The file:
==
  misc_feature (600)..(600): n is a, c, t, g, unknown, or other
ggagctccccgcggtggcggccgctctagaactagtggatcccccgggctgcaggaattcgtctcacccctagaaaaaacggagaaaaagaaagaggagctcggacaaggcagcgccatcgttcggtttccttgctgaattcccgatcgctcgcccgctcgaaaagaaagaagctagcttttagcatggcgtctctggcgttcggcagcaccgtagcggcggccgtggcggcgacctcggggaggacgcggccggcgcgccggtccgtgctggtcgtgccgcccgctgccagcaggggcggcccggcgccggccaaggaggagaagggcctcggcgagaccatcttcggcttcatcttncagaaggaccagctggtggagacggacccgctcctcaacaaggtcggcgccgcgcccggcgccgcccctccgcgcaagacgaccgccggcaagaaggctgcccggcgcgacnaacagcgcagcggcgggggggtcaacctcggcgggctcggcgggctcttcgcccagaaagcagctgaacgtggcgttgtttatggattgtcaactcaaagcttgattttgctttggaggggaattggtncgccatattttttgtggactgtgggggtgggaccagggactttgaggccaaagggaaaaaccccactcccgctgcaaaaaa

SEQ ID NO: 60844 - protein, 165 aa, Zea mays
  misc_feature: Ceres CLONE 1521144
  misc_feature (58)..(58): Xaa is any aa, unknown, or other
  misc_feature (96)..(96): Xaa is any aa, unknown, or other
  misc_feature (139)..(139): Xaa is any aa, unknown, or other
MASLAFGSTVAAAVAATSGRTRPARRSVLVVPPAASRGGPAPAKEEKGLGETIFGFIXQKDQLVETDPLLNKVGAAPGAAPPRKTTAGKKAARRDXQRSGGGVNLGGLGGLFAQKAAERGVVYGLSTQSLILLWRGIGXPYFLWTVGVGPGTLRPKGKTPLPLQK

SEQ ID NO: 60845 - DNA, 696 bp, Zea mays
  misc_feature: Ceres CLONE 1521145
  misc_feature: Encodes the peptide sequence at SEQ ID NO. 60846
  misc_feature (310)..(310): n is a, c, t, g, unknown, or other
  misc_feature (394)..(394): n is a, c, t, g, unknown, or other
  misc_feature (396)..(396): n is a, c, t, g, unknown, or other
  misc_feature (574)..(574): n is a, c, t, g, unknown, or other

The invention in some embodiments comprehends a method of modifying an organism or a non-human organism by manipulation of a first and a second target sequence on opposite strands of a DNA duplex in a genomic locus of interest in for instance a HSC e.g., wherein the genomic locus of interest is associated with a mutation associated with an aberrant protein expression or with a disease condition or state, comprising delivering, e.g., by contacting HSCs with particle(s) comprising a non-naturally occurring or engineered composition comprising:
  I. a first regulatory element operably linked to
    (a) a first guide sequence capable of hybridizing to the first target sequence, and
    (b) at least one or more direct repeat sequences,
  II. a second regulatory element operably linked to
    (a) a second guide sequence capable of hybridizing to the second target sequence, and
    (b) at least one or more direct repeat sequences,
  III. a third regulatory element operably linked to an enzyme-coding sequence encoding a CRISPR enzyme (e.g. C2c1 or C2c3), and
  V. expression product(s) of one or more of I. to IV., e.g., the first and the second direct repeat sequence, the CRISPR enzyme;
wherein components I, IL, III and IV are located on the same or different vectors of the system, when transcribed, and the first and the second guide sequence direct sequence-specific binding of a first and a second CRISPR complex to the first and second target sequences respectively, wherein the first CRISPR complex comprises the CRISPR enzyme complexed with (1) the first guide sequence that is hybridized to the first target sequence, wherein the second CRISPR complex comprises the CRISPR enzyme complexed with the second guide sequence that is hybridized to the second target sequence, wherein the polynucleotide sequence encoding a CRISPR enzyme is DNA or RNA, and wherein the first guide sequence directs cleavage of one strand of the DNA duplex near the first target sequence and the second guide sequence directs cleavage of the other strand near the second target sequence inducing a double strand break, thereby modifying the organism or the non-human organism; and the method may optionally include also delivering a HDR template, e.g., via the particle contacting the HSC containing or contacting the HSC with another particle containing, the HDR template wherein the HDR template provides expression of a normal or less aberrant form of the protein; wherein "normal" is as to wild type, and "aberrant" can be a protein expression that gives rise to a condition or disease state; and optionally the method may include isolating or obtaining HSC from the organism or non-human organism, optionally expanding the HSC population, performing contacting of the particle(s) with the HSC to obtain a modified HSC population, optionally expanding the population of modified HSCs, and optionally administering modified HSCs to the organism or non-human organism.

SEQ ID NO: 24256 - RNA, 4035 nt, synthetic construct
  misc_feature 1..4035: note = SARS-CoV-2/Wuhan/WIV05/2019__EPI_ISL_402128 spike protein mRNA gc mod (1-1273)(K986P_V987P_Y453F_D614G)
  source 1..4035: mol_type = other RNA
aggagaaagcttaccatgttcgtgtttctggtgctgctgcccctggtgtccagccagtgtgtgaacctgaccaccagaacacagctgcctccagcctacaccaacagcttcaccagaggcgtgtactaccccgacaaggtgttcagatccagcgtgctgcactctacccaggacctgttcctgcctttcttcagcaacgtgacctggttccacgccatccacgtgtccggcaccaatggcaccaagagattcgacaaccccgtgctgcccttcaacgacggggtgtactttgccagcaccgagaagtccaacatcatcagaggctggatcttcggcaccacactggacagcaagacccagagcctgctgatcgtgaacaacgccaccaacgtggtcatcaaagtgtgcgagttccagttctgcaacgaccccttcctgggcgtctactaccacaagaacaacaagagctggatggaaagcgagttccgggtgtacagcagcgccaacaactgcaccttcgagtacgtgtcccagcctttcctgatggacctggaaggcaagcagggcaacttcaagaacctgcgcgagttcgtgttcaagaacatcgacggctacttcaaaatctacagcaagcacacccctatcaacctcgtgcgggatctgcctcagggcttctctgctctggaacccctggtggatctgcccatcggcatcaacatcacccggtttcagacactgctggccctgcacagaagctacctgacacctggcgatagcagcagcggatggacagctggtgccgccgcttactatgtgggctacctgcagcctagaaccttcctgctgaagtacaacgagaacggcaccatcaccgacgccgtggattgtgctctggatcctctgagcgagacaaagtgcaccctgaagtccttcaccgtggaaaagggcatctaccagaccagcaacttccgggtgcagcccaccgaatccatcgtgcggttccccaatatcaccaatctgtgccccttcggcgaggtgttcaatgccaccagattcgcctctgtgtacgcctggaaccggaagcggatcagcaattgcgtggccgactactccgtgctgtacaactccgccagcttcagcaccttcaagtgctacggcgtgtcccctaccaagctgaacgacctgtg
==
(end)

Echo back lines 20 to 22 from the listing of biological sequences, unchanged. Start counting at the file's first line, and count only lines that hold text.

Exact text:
  II. a second regulatory element operably linked to
    (a) a second guide sequence capable of hybridizing to the second target sequence, and
    (b) at least one or more direct repeat sequences,